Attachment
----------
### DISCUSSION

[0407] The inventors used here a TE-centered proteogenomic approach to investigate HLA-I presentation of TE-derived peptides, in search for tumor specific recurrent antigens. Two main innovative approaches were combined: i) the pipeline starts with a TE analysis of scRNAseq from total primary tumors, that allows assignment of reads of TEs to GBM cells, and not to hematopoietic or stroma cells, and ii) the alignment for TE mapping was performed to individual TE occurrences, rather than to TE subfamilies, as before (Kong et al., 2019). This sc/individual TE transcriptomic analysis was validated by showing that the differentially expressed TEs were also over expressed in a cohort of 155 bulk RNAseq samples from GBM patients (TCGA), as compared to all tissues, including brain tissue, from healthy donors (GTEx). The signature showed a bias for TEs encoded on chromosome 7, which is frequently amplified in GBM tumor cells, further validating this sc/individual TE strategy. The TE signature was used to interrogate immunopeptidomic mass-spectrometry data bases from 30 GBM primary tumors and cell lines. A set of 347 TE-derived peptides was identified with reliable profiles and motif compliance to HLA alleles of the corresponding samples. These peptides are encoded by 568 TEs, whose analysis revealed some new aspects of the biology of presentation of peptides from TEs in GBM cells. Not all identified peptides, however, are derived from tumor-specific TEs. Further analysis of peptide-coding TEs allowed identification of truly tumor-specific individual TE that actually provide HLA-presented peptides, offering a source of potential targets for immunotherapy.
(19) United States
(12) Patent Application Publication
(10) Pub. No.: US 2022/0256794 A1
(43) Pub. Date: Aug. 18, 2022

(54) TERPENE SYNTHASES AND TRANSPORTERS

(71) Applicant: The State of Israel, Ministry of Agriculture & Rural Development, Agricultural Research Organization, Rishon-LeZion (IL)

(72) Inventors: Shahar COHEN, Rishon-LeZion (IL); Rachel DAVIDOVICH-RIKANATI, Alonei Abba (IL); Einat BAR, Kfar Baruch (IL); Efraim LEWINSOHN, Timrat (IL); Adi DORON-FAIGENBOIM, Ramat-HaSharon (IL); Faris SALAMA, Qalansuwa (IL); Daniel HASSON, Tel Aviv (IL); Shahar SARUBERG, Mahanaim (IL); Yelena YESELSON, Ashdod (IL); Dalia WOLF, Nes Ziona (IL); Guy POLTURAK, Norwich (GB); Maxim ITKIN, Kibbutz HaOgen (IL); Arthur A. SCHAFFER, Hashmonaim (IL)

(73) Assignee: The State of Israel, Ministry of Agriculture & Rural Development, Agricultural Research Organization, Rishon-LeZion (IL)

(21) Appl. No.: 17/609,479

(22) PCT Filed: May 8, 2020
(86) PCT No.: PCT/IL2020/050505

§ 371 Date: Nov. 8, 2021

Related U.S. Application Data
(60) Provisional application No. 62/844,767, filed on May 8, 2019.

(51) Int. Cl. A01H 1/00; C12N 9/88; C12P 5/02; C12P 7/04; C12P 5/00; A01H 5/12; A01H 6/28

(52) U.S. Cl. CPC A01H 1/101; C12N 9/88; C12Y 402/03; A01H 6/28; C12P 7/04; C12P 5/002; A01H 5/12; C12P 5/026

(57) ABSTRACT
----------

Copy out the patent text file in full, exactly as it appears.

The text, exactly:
### DISCUSSION

[0407] The inventors used here a TE-centered proteogenomic approach to investigate HLA-I presentation of TE-derived peptides, in search for tumor specific recurrent antigens. Two main innovative approaches were combined: i) the pipeline starts with a TE analysis of scRNAseq from total primary tumors, that allows assignment of reads of TEs to GBM cells, and not to hematopoietic or stroma cells, and ii) the alignment for TE mapping was performed to individual TE occurrences, rather than to TE subfamilies, as before (Kong et al., 2019). This sc/individual TE transcriptomic analysis was validated by showing that the differentially expressed TEs were also over expressed in a cohort of 155 bulk RNAseq samples from GBM patients (TCGA), as compared to all tissues, including brain tissue, from healthy donors (GTEx). The signature showed a bias for TEs encoded on chromosome 7, which is frequently amplified in GBM tumor cells, further validating this sc/individual TE strategy. The TE signature was used to interrogate immunopeptidomic mass-spectrometry data bases from 30 GBM primary tumors and cell lines. A set of 347 TE-derived peptides was identified with reliable profiles and motif compliance to HLA alleles of the corresponding samples. These peptides are encoded by 568 TEs, whose analysis revealed some new aspects of the biology of presentation of peptides from TEs in GBM cells. Not all identified peptides, however, are derived from tumor-specific TEs. Further analysis of peptide-coding TEs allowed identification of truly tumor-specific individual TE that actually provide HLA-presented peptides, offering a source of potential targets for immunotherapy.
(19) United States
(12) Patent Application Publication
(10) Pub. No.: US 2022/0256794 A1
(43) Pub. Date: Aug. 18, 2022

(54) TERPENE SYNTHASES AND TRANSPORTERS

(71) Applicant: The State of Israel, Ministry of Agriculture & Rural Development, Agricultural Research Organization, Rishon-LeZion (IL)

(72) Inventors: Shahar COHEN, Rishon-LeZion (IL); Rachel DAVIDOVICH-RIKANATI, Alonei Abba (IL); Einat BAR, Kfar Baruch (IL); Efraim LEWINSOHN, Timrat (IL); Adi DORON-FAIGENBOIM, Ramat-HaSharon (IL); Faris SALAMA, Qalansuwa (IL); Daniel HASSON, Tel Aviv (IL); Shahar SARUBERG, Mahanaim (IL); Yelena YESELSON, Ashdod (IL); Dalia WOLF, Nes Ziona (IL); Guy POLTURAK, Norwich (GB); Maxim ITKIN, Kibbutz HaOgen (IL); Arthur A. SCHAFFER, Hashmonaim (IL)

(73) Assignee: The State of Israel, Ministry of Agriculture & Rural Development, Agricultural Research Organization, Rishon-LeZion (IL)

(21) Appl. No.: 17/609,479

(22) PCT Filed: May 8, 2020
(86) PCT No.: PCT/IL2020/050505

§ 371 Date: Nov. 8, 2021

Related U.S. Application Data
(60) Provisional application No. 62/844,767, filed on May 8, 2019.

(51) Int. Cl. A01H 1/00; C12N 9/88; C12P 5/02; C12P 7/04; C12P 5/00; A01H 5/12; A01H 6/28

(52) U.S. Cl. CPC A01H 1/101; C12N 9/88; C12Y 402/03; A01H 6/28; C12P 7/04; C12P 5/002; A01H 5/12; C12P 5/026

(57) ABSTRACT